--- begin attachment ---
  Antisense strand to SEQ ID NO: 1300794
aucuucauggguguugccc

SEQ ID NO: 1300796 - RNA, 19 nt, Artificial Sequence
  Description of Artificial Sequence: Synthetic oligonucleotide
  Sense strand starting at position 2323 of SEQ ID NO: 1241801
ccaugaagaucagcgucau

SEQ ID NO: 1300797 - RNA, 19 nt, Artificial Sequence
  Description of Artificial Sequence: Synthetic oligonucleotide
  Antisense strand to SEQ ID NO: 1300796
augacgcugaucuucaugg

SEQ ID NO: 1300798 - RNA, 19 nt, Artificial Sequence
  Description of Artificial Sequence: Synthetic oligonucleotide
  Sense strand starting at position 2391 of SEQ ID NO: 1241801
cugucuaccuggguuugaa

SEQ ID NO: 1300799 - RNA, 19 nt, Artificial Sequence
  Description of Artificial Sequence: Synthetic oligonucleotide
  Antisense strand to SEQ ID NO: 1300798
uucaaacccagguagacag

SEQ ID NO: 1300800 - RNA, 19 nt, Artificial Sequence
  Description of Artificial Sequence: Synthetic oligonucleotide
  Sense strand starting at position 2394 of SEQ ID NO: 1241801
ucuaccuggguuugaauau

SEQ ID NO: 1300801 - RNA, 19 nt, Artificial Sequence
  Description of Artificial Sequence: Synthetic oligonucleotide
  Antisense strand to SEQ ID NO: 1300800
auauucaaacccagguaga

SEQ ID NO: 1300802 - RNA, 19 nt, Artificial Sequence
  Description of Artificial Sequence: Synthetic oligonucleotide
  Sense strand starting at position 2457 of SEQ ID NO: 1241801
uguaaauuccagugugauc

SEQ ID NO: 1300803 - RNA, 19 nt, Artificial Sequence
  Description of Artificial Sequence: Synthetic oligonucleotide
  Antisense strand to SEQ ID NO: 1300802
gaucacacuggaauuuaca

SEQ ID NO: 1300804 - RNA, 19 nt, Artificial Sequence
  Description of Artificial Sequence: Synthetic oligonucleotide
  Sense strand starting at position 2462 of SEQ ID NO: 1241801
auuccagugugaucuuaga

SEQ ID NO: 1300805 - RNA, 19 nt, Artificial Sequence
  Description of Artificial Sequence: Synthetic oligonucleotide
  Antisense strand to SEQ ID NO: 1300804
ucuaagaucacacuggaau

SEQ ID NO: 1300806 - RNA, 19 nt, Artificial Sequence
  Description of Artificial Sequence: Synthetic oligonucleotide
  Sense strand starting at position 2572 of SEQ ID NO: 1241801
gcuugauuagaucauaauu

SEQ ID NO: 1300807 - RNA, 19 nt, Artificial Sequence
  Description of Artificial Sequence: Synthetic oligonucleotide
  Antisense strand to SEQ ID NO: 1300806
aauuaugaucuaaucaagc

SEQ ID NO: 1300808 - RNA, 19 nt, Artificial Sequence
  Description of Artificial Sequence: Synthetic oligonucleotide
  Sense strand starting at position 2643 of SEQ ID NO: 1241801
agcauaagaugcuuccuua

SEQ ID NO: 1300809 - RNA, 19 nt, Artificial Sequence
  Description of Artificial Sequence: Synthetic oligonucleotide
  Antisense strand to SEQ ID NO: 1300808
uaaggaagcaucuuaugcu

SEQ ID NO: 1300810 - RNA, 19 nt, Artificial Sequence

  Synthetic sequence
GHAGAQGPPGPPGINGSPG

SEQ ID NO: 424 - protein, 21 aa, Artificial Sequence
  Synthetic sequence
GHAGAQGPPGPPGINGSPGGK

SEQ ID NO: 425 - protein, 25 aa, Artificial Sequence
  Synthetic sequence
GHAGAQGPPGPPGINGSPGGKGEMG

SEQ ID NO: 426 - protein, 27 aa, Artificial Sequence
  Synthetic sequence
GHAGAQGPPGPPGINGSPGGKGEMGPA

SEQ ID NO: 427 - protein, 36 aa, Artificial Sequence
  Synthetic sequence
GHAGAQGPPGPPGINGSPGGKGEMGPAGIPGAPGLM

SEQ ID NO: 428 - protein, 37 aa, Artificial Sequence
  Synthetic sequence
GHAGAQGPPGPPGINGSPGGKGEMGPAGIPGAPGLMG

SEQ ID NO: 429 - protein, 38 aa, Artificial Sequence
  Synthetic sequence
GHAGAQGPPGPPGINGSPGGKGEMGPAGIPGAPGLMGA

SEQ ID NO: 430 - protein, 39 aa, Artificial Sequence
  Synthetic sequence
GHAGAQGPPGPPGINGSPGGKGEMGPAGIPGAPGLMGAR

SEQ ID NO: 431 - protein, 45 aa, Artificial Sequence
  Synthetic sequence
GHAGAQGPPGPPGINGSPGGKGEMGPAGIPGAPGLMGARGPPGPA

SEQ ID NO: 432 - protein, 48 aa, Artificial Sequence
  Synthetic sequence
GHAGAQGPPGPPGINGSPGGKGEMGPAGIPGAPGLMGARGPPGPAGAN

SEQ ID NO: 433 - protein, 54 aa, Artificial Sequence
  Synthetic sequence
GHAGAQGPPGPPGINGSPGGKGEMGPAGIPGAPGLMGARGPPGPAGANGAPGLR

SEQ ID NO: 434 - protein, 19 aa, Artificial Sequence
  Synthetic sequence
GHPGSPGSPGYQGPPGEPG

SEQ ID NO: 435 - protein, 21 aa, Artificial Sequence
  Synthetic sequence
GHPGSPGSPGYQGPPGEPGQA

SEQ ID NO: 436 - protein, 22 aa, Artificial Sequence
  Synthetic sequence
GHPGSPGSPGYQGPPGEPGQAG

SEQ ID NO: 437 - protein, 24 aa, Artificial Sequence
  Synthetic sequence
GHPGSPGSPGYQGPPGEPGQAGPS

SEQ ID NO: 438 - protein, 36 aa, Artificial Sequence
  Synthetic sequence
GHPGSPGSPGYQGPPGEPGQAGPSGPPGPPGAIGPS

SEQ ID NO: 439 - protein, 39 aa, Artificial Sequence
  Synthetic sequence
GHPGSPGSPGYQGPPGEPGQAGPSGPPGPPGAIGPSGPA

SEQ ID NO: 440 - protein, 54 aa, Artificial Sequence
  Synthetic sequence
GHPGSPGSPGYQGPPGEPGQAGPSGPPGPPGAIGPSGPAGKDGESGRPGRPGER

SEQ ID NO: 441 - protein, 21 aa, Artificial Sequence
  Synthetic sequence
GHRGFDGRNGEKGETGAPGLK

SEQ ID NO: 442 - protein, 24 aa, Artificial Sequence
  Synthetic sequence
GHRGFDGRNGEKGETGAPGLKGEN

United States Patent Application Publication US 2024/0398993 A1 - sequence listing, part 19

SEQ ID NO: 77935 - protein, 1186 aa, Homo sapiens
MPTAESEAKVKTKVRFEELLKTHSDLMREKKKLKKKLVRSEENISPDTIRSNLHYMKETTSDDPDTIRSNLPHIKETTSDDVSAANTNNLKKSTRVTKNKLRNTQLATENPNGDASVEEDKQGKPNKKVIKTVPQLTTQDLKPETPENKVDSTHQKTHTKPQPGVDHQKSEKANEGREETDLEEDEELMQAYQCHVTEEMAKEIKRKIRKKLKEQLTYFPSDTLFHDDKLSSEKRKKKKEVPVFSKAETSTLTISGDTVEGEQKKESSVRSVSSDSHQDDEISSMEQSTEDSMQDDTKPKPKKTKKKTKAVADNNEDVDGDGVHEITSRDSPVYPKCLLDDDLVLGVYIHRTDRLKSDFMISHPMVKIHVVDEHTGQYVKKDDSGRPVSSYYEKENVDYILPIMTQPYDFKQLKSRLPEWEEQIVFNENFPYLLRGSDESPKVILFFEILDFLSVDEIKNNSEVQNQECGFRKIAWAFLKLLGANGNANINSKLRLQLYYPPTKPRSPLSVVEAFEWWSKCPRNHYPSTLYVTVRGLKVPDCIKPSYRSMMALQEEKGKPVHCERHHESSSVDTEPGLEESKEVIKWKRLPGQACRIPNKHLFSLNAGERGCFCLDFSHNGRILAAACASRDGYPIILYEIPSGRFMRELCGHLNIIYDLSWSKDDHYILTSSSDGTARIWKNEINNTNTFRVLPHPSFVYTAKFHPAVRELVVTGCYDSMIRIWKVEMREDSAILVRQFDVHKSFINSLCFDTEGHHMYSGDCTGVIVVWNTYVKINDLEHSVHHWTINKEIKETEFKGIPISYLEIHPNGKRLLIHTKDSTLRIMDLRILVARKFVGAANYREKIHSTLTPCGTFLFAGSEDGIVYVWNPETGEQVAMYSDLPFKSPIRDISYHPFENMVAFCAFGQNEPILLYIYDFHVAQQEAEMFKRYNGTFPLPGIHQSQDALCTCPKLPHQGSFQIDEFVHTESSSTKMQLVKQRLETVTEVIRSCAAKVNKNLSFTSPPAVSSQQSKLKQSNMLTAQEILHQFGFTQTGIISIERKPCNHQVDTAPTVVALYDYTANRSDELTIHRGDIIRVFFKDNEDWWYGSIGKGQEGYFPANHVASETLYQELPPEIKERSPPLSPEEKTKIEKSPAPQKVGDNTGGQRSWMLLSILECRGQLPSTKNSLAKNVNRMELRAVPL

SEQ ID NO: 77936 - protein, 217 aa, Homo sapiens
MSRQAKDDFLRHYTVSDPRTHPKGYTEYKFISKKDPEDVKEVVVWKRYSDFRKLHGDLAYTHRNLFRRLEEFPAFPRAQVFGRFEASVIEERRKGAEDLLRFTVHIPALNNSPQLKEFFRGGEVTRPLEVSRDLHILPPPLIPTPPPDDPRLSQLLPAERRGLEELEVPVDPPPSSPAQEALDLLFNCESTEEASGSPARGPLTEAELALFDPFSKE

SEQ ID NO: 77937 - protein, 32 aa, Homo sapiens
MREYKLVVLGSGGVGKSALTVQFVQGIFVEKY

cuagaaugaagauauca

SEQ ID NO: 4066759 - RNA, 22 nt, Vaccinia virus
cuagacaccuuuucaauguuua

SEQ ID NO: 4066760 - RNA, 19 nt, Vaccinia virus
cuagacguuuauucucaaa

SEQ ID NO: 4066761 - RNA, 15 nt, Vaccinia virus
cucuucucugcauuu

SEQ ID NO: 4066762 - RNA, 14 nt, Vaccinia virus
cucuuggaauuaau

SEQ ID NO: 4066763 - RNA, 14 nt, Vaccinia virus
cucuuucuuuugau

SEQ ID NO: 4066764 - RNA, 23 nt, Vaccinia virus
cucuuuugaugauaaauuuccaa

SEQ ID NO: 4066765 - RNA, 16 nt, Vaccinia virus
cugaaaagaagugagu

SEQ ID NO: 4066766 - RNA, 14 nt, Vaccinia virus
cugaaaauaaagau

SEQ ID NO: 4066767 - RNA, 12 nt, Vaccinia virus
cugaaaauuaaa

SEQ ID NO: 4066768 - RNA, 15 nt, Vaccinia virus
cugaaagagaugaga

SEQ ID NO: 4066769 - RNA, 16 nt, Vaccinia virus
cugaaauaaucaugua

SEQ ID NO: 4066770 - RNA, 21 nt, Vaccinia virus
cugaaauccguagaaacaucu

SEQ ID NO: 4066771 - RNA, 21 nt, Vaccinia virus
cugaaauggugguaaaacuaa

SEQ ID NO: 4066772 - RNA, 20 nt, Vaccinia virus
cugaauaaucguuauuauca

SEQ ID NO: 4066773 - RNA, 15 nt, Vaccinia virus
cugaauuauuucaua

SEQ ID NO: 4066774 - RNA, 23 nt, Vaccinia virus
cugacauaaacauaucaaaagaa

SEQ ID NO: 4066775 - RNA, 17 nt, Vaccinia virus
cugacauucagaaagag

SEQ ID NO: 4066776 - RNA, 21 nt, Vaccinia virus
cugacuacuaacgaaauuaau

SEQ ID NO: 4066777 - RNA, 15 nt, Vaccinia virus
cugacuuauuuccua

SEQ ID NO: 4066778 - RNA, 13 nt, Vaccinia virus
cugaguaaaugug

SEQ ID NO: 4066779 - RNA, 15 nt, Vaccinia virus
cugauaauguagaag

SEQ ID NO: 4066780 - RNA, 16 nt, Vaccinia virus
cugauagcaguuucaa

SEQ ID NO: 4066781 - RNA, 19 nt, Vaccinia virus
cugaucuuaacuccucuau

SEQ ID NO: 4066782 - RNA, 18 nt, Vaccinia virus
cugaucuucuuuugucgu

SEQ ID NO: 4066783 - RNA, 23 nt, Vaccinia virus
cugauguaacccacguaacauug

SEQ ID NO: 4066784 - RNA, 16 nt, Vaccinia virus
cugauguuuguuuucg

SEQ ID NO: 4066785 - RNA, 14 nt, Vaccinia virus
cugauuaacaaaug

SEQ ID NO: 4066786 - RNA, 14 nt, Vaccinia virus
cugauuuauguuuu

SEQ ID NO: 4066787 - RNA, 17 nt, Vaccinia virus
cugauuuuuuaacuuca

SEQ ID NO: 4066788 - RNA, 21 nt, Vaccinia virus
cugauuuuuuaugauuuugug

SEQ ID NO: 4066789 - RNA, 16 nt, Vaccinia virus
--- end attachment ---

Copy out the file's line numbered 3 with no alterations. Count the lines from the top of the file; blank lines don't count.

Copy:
SEQ ID NO: 1300796 - RNA, 19 nt, Artificial Sequence